Brill’s New Pauly Supplements II - Volume 7 : Figures of Antiquity and their Reception in Art, Literature and Music

Get access Subject: Classical Studies
Edited by: Peter van Möllendorff, Annette Simonis and Linda Simonis

The 96 contributions in Brill’s New Pauly Supplement 7: Historical Figures from Antiquity depict the survival of great characters from Antiquity to the modern world. Each article presents an overview of the latest research on what we know concerning the lives of the historical person or legendary figure and then recounts the reception of these figures throughout history, giving special attention on the viewpoints in the early modern and contemporary periods.

Subscriptions: See


(5,253 words)

Author(s): Strobl, Wolfgang
(Ξανθίππη/ Xanthíppē; Latin Xanthippe) A. Historical dimension The ancient sources offer a very superficial and distorted picture of X., the wife of the Athenian philosopher Socrates, whose name indicates an aristocratic lineage. She was probably somewhat younger than her husband, by whom she had (at least) one son, Lamprocles. She stood by Socrates' side in the city prison before his execution (Pl. Phd. 60 a). Antisthenes calls X. the "most irksome" or "most difficult" woman ( c halepōtátē) ever to walk the earth past, present or future (Xen. Symp. 2,10). The anecdote…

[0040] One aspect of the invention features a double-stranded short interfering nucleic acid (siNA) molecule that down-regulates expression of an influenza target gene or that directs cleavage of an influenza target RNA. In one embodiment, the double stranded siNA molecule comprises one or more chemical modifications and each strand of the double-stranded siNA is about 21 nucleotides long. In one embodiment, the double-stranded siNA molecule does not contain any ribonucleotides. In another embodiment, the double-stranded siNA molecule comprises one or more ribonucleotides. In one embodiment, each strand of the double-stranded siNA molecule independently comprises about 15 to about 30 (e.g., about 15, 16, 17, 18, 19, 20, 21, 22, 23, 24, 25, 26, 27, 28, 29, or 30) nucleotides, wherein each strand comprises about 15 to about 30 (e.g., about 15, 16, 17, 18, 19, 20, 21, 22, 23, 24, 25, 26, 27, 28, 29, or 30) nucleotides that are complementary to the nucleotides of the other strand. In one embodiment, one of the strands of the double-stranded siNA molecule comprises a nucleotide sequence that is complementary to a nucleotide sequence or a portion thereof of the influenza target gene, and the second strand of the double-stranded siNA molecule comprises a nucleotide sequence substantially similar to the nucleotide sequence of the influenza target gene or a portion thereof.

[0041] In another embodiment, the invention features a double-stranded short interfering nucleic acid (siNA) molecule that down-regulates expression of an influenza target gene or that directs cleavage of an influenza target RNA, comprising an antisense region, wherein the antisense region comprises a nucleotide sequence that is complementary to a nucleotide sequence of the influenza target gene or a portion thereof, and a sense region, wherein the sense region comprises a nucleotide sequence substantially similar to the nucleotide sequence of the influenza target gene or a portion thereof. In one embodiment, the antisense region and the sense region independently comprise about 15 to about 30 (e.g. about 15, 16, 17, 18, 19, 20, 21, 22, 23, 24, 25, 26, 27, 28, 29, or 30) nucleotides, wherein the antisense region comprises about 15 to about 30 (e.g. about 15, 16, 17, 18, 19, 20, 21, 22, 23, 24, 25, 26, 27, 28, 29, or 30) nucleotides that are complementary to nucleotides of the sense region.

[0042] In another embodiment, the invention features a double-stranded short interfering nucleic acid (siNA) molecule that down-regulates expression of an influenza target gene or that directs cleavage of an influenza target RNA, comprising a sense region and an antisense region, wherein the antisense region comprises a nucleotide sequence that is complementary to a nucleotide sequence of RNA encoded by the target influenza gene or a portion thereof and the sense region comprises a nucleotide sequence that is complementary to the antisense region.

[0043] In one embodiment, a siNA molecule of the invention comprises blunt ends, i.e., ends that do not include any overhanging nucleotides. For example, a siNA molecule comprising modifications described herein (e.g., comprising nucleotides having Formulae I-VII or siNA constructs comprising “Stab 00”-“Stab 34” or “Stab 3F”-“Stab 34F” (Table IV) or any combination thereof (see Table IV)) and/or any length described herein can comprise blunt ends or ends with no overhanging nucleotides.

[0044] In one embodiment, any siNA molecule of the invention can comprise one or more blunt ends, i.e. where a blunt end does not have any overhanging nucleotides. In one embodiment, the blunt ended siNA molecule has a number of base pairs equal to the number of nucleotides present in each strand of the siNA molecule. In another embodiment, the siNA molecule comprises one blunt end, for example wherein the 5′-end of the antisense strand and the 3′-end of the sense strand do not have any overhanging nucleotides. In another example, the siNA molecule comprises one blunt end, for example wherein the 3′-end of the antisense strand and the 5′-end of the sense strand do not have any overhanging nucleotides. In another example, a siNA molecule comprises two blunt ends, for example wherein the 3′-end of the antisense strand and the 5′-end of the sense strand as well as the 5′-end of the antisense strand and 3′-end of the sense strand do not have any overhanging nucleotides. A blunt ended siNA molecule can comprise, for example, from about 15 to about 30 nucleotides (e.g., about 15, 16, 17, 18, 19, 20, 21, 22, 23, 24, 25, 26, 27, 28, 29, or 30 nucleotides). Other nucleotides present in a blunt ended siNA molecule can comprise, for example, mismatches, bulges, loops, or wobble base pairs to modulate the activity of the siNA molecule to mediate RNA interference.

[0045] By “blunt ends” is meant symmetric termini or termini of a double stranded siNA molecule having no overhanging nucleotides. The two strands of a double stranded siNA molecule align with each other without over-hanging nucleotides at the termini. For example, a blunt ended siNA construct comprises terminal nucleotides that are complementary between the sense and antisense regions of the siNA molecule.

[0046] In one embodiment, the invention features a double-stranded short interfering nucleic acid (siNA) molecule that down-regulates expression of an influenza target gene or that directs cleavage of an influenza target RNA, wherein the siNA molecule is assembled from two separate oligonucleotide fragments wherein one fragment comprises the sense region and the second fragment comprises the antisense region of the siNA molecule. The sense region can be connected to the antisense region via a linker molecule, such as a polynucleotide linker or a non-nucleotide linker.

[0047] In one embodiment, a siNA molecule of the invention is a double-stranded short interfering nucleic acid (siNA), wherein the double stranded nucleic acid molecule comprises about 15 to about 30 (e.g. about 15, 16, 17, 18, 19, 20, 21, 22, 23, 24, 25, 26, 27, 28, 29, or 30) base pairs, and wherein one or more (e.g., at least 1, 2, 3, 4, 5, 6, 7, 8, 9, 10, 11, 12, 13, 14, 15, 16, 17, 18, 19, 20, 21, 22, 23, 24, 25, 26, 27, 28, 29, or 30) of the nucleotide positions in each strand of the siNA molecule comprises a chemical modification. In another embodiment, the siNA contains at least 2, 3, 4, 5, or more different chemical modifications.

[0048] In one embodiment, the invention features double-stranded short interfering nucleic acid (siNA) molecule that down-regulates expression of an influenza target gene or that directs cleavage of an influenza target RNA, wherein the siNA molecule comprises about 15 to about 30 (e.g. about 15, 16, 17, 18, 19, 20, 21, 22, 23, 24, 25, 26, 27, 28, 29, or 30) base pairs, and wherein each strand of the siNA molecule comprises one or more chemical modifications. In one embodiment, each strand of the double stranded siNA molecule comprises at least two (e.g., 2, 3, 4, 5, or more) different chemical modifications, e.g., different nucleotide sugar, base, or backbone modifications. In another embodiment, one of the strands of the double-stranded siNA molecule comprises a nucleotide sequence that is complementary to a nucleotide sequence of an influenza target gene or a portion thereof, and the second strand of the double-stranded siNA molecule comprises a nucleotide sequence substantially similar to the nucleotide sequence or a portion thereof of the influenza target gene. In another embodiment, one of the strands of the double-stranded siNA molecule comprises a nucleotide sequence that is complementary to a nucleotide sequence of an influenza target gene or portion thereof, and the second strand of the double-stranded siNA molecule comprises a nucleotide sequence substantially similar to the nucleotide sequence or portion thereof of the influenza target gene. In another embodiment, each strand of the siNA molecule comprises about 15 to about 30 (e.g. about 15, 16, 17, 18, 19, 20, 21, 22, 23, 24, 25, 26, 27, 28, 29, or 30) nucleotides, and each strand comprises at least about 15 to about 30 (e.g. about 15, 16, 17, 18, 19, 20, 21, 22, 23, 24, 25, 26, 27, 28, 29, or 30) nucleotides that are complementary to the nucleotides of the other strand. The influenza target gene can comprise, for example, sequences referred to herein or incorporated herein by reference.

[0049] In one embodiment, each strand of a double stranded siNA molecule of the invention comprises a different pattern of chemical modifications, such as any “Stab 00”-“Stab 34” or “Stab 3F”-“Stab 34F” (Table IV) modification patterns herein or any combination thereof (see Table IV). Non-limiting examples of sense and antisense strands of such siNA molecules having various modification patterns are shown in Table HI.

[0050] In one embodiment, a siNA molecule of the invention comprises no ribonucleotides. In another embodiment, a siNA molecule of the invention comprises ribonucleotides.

Date: 2016-02-22


(2,865 words)

Author(s): Gödde, Susanne
(Ξέρξης/ Xérxēs; Old Persian Hšayāŗšā or Xšayāršā; Hebrew Achašweroš or Ahasveros; Latin Xerxes) A. Historical dimension The image that prevails today of the Persian Great King X. I (519–465 BC), the son of Darius I and Atossa who reigned from 486 BC until his death, is dominated by his campaigns against Greece. After putting down rebellions in 484 or 482 (dating uncertain [11.249]) in Egypt (Hdt. 7,5; 7,7) and Babylon (Hdt. 1,183), X. in 480/79 embarked on campaigns against the Greeks, following on from the Battle of Marathon (490 BC) fought and lost by …
Date: 2016-02-22